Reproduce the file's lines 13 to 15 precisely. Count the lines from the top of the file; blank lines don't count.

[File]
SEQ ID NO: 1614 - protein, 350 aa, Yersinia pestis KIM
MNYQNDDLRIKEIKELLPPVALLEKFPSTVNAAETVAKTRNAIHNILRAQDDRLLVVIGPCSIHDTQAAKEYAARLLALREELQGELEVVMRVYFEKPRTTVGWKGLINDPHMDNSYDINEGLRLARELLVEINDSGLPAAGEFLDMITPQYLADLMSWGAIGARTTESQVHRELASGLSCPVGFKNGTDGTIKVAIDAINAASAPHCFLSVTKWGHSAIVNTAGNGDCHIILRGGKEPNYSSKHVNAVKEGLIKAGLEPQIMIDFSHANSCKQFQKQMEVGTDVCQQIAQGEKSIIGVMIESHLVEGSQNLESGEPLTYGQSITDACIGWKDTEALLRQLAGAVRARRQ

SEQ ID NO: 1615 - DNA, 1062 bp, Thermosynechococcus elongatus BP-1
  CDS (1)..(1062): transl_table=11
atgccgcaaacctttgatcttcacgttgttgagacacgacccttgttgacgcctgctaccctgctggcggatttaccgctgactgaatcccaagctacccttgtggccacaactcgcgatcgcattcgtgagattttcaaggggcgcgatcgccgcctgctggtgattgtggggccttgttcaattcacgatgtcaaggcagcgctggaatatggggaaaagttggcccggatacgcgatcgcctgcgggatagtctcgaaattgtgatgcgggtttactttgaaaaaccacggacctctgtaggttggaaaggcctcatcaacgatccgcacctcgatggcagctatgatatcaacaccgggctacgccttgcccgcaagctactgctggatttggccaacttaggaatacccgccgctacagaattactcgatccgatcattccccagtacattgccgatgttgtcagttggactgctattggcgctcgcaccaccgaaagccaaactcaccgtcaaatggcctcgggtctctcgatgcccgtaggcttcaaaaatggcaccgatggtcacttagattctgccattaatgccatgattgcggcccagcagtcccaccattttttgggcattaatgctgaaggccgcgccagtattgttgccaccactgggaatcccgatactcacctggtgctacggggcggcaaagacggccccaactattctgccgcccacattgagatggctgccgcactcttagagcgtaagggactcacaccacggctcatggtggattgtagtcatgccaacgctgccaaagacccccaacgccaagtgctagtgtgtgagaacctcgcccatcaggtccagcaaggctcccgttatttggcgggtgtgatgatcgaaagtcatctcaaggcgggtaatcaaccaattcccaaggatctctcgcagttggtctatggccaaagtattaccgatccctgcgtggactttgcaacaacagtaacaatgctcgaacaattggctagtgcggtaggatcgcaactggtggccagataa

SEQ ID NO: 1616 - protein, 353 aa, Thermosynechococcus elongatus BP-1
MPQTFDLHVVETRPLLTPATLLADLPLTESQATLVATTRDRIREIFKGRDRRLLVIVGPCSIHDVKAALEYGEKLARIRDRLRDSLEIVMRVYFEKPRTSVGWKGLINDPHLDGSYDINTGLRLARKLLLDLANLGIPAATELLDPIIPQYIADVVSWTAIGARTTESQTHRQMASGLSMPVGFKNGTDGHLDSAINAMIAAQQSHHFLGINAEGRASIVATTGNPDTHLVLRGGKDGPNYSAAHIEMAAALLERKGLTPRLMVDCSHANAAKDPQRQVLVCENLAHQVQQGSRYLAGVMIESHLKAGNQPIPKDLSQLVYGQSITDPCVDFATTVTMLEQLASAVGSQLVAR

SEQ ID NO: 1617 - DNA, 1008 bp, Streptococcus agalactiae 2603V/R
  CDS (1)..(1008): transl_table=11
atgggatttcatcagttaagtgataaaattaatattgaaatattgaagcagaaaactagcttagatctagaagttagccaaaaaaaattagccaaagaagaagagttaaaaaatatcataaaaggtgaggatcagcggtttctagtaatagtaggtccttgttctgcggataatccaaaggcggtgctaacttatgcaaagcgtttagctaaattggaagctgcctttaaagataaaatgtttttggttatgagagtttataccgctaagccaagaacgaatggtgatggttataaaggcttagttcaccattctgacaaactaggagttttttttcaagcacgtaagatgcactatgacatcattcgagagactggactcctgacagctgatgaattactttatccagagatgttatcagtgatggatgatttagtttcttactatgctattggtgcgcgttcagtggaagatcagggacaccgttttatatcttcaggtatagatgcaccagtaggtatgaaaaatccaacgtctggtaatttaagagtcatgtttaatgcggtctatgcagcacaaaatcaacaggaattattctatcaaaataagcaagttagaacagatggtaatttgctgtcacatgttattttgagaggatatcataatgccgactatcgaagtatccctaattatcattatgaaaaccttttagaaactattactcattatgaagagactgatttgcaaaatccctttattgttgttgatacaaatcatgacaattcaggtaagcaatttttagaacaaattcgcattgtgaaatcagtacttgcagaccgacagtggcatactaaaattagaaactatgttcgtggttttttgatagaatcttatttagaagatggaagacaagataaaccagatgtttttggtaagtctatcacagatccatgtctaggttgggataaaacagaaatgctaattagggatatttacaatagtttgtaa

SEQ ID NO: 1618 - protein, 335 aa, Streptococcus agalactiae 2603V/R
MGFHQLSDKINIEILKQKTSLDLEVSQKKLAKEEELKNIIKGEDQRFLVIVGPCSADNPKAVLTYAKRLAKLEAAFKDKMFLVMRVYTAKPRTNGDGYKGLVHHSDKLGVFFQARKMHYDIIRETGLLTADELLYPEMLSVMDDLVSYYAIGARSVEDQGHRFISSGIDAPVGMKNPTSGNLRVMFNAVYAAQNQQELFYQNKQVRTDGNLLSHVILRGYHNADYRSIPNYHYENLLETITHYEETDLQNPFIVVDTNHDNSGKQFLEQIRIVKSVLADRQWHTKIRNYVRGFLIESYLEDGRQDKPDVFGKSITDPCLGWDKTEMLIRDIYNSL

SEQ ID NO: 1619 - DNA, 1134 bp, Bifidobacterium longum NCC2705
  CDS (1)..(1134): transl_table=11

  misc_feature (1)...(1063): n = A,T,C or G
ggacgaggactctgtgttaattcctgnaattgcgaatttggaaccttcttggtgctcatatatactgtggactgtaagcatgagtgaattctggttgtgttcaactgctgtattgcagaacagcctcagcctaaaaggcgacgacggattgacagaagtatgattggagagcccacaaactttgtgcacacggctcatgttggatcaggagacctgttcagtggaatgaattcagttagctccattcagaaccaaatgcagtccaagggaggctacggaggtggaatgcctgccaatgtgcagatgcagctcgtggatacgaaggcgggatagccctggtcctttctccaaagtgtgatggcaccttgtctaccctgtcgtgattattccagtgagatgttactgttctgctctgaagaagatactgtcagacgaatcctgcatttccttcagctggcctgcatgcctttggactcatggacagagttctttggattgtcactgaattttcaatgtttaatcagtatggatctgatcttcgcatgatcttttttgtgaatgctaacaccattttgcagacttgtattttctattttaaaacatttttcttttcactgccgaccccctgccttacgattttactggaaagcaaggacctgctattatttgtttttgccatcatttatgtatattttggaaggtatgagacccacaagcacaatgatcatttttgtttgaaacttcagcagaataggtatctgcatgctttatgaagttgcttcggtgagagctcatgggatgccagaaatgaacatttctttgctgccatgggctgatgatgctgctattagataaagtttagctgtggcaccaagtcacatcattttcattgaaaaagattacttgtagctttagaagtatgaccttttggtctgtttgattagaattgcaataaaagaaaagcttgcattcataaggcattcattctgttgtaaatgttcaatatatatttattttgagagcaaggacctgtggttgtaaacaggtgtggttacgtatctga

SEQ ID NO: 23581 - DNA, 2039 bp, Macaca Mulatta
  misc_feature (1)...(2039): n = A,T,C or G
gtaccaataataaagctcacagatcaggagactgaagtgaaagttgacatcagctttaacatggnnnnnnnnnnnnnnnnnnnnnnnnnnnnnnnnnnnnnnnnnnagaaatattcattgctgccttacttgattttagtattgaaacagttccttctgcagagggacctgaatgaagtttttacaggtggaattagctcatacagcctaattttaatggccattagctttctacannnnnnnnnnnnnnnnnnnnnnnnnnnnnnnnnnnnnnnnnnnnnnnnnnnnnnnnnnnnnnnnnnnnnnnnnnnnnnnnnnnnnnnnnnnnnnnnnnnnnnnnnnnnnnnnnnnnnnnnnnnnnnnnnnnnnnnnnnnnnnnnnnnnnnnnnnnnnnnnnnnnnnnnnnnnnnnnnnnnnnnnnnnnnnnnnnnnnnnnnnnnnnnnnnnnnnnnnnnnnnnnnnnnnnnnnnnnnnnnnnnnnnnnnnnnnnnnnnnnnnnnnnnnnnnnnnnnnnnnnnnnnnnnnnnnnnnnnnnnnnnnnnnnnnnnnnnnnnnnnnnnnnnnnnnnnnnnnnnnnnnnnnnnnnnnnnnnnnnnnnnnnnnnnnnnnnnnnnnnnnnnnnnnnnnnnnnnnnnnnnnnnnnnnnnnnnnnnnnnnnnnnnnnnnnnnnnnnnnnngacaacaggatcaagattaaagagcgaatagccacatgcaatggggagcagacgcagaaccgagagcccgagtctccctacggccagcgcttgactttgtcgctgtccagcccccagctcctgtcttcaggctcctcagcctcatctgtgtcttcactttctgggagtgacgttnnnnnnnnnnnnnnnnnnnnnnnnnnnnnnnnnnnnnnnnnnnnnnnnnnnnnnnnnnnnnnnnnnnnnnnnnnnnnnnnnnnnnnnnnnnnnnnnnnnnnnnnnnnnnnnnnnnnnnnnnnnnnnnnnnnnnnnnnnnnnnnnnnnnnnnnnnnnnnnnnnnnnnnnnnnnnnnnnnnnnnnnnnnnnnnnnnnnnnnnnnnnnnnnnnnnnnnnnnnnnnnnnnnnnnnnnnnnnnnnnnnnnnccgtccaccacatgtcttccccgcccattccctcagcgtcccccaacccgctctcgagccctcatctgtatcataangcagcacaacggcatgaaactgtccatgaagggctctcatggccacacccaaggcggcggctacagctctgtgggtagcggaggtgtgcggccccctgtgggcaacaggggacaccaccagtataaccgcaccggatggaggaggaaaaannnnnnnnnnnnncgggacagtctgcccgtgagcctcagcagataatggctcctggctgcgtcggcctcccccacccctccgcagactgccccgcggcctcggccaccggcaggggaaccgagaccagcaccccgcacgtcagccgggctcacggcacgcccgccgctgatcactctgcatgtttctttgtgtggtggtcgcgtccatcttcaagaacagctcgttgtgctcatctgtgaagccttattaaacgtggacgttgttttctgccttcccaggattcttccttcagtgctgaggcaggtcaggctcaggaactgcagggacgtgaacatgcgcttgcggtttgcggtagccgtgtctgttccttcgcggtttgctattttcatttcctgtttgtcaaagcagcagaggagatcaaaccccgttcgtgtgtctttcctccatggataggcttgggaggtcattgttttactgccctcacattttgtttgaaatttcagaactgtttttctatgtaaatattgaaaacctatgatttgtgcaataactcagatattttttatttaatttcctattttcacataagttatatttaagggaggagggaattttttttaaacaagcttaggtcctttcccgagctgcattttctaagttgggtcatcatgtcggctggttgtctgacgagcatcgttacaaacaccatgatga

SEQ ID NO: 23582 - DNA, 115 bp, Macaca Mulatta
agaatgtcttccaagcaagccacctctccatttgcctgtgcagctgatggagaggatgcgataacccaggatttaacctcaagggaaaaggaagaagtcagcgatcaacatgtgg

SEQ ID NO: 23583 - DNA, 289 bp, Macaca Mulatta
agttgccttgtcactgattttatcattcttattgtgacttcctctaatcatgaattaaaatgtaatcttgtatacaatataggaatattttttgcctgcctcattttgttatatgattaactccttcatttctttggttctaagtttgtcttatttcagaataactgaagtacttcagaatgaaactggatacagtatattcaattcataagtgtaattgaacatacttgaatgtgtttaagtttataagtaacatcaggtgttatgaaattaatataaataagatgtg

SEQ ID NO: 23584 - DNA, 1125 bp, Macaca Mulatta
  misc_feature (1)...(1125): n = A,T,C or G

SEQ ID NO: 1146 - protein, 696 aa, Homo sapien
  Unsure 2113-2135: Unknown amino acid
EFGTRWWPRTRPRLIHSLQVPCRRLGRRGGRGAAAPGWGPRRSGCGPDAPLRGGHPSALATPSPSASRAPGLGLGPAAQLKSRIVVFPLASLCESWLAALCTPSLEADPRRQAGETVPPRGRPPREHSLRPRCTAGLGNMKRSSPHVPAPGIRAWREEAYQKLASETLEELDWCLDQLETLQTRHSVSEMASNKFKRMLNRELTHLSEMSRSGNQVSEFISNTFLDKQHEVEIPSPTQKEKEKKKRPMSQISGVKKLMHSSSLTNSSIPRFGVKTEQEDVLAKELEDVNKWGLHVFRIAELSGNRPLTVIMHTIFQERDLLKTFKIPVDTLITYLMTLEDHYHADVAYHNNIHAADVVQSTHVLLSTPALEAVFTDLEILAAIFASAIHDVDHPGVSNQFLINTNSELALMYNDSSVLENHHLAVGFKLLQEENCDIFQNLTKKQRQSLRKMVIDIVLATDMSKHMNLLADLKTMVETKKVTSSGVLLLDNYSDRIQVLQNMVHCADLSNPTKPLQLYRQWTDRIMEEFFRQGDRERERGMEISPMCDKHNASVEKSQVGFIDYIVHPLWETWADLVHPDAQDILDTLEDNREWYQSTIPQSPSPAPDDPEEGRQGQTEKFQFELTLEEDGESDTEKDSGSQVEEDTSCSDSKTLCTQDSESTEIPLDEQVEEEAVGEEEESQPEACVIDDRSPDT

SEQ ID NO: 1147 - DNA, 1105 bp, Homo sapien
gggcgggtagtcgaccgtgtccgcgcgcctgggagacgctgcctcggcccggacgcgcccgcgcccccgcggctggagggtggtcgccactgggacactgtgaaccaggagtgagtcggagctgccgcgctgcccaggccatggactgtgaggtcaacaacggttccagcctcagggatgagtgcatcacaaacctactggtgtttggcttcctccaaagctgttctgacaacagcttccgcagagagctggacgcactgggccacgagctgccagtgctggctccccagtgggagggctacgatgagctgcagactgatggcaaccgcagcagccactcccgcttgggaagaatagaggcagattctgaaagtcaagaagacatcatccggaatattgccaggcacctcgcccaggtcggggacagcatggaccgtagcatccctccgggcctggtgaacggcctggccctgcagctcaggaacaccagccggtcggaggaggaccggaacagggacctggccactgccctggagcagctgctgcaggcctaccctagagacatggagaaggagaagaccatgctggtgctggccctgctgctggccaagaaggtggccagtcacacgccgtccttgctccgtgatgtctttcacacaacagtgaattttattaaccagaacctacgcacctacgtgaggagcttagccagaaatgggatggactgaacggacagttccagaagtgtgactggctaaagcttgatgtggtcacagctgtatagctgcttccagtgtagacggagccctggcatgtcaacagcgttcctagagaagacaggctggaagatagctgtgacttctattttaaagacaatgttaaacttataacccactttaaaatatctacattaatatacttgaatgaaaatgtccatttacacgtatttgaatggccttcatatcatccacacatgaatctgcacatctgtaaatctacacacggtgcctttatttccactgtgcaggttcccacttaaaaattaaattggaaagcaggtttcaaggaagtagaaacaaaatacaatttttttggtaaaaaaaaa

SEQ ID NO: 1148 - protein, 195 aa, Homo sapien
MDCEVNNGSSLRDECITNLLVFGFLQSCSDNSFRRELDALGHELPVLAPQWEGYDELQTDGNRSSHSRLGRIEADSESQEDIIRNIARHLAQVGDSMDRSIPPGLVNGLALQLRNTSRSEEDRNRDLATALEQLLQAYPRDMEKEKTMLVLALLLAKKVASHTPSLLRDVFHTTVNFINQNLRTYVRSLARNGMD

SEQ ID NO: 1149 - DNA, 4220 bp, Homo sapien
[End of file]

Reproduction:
SEQ ID NO: 1619 - DNA, 1134 bp, Bifidobacterium longum NCC2705
  CDS (1)..(1134): transl_table=11

  misc_feature (1)...(1063): n = A,T,C or G